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Texas Workplace Injury Claims under the Jones Act

When a Texas employee is injured on the job, the injured employee can pursue temporary or permanent benefits under the Texas Workers’ Compensation Act. Workers’ compensation benefits can provide an injured employee benefits to cover their medical expenses as well as a portion of their income. Notably, workers’ compensation claimants do not need to establish that their employer was negligent to obtain benefits. However, workers’ compensation claimants are not eligible for compensation based on emotional pain and suffering.

Another option an injured employee has is to file a Texas personal injury lawsuit. Unlike workers’ compensation claims, successful plaintiffs in Texas personal injury lawsuits can obtain compensation for emotional damages. However, because a workers’ compensation claim is generally an injured employee’s only remedy against their employer, a personal injury case will typically only be available if a third party’s negligence caused the accident.

That being said, lawmakers have determined that workers in specific industries should be able to pursue personal injury claims against their employers. For example, the Federal Employers Liability Act (FELA) allows railroad workers to pursue claims for compensation against their employers. Similarly, the Jones Act permits seamen to file a personal injury case against their employer. However, to recover under FELA or the Jones Act, a worker must show that the employer was negligent. A recent federal appellate case discusses an employee’s case brought under the Jones Act.

The Facts

According to the court’s opinion, the plaintiff was working aboard a boat that was docked in Amelia, Louisiana. As the plaintiff was unloading cargo, he began to feel lightheaded and went to his cabin. Later, another ship worker heard a loud banging noise coming from the plaintiff’s cabin. The plaintiff was found unresponsive in his cabin, and the ship’s captain called 911.

Evidently, a private ambulance company responded to the call. The emergency medical technicians performed a CT scan, determining that the plaintiff suffered from a brain mass. The plaintiff was transported to the hospital, where it was discovered that he had actually had a stroke. As a result of the stroke, the plaintiff was permanently disabled.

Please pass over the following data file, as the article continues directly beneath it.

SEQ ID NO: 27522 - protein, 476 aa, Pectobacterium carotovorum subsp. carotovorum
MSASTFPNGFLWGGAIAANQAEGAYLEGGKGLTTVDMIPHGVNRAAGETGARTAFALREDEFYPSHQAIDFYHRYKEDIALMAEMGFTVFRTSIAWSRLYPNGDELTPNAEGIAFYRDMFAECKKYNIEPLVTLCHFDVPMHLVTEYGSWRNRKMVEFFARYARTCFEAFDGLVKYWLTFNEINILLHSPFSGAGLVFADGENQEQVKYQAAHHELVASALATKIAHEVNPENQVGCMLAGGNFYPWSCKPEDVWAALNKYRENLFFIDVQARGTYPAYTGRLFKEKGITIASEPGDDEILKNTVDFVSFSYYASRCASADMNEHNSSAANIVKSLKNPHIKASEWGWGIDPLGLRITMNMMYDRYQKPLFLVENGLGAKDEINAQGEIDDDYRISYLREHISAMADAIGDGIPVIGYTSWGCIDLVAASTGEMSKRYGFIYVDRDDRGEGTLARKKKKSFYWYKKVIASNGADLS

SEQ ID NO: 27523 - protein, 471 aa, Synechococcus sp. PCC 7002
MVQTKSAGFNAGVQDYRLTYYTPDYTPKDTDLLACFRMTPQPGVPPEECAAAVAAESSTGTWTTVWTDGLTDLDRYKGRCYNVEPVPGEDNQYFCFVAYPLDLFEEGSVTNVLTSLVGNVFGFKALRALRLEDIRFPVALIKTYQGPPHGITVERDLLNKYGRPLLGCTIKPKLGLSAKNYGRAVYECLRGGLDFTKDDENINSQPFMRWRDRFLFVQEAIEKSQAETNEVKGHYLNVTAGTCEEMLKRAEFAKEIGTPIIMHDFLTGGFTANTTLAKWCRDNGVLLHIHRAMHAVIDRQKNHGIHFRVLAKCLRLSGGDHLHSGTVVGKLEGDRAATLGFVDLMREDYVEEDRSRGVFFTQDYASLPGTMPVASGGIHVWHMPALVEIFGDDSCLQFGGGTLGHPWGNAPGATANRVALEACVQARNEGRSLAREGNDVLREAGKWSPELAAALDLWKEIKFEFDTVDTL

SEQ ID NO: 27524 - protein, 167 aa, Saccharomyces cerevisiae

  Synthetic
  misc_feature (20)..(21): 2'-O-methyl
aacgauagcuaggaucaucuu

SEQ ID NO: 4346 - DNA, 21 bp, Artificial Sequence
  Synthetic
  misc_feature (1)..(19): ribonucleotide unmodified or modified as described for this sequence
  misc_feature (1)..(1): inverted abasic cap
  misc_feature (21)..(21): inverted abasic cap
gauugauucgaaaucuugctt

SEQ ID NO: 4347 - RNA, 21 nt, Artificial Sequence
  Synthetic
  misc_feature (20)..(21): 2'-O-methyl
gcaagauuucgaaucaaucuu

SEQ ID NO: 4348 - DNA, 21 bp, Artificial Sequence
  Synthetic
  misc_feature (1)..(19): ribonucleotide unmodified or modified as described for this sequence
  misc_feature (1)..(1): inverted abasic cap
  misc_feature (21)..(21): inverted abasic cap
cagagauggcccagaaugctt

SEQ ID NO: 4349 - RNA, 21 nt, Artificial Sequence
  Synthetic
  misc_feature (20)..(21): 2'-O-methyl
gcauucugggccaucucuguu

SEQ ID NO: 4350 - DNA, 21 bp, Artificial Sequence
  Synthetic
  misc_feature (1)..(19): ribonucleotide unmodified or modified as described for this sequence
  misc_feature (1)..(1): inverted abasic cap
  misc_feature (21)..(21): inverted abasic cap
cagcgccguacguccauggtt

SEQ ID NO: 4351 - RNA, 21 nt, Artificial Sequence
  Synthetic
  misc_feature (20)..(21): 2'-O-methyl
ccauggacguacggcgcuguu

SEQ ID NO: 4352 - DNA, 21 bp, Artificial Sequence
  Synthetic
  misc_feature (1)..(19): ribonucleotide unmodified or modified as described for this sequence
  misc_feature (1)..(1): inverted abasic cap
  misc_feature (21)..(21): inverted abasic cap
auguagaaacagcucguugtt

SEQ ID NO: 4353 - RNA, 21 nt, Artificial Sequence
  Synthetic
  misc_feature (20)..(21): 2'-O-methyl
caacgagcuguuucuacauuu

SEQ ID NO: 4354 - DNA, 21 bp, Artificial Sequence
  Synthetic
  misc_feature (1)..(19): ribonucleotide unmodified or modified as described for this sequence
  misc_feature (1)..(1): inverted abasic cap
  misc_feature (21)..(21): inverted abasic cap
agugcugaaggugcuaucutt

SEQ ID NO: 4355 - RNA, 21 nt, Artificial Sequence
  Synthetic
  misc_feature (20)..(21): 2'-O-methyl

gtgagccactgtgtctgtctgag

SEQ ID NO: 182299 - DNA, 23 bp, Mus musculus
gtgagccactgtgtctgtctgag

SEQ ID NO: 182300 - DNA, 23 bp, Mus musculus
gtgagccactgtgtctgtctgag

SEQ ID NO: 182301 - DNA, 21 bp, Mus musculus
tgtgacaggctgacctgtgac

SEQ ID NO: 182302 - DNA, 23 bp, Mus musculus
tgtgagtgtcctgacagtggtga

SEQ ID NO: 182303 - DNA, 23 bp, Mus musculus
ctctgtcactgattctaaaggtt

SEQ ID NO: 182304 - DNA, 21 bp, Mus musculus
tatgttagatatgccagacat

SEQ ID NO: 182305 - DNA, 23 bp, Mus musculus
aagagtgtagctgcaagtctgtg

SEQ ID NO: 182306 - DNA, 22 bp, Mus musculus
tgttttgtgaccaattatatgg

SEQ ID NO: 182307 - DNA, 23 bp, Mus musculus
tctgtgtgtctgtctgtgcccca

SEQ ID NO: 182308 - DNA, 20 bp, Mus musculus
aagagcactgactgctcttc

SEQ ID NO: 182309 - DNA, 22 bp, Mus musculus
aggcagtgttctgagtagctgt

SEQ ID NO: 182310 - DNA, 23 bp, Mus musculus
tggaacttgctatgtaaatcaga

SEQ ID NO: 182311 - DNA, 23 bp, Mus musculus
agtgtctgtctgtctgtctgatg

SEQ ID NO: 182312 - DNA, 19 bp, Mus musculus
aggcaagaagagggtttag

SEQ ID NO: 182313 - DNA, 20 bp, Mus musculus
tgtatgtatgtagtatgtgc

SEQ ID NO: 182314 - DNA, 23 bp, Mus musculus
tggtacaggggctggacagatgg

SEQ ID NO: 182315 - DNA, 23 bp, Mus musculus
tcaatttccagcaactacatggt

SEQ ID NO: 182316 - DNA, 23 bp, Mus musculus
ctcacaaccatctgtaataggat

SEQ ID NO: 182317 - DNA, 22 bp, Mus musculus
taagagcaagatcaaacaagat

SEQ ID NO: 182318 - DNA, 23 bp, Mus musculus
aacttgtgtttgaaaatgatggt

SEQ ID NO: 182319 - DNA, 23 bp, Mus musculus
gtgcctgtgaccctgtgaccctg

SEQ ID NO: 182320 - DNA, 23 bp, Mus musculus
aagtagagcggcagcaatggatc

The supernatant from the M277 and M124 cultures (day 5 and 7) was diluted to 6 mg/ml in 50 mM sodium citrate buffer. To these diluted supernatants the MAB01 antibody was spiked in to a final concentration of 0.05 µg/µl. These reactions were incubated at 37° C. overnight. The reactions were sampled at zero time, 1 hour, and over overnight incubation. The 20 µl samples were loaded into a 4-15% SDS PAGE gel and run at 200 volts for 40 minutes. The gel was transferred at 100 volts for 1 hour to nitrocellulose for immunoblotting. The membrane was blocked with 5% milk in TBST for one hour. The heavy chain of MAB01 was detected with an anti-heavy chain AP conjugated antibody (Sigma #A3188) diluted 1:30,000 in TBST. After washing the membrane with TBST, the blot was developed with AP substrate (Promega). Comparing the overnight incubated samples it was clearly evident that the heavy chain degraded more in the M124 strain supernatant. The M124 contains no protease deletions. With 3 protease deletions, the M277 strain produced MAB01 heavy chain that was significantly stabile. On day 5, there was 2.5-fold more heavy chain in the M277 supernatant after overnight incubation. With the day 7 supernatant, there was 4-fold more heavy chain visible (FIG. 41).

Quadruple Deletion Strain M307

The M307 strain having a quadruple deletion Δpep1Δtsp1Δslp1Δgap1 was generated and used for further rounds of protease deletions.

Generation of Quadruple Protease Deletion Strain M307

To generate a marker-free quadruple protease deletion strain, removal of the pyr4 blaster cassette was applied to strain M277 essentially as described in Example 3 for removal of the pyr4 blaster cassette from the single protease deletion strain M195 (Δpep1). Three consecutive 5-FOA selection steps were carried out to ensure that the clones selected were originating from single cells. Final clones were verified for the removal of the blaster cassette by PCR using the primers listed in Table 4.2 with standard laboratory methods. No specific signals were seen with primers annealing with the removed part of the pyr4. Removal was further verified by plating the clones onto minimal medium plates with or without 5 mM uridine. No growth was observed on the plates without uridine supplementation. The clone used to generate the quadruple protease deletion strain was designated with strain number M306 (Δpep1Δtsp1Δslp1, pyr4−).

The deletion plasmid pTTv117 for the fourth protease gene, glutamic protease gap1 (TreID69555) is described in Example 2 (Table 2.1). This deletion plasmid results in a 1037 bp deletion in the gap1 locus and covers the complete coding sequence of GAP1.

The plaintiff filed a claim against his employer. Specifically, the plaintiff argued that his employer was negligent for calling 911 and also vicariously liable for the negligence of the ambulance company.

The Court’s Analysis

The court began by noting that the general rule is that a shipowner has a duty to provide “prompt and adequate” medical care to ship workers. The court also noted that the extent of the duty owed to a ship worker depends on the circumstances, including the nature of the injury and the availability of medical care. The court then stated that a shipowner might be liable for an employee’s injuries if the employer takes an employee to a doctor that the employer knows was not qualified to help the employee.

Here, however, the court pointed out that the plaintiff was suffering an unknown injury. Thus, the captain’s decision to call 911 was “reasonably calculated” to get the plaintiff the medical help he needed. The court explained that this was not a situation where the employer knew the plaintiff needed additional or specific medical treatment but refused to obtain such treatment.

The court also held that the employer could not be held vicariously liable for the alleged negligence of the ambulance company. The court explained that the ambulance company was merely responding to an emergency call, and not acting as an agent of the employer.

Have You Been Injured While at Work?

If you or a loved one has recently been injured in a Texas workplace accident, you may be entitled to monetary compensation through a Texas personal injury lawsuit or workers’ compensation claim. At the law firm of Carabin Shaw, we have decades of experience handling both personal injury and workers’ compensation claims on behalf of injured employees. To learn more, call 800-862-1260 to schedule a free consultation.

Related Posts:

The Legal Doctrine of Negligent Entrustment in Texas Car Accident Cases, Texas Injury Lawyers Blog, December 11, 2018

Proving Intoxication in Texas Personal Injury Cases, Texas Injury Lawyers Blog, December 11, 2018

Court Finds State Liable for Injuries Caused by Drop-off on Road’s Edge, Texas Injury Lawyers Blog, October 19, 2018

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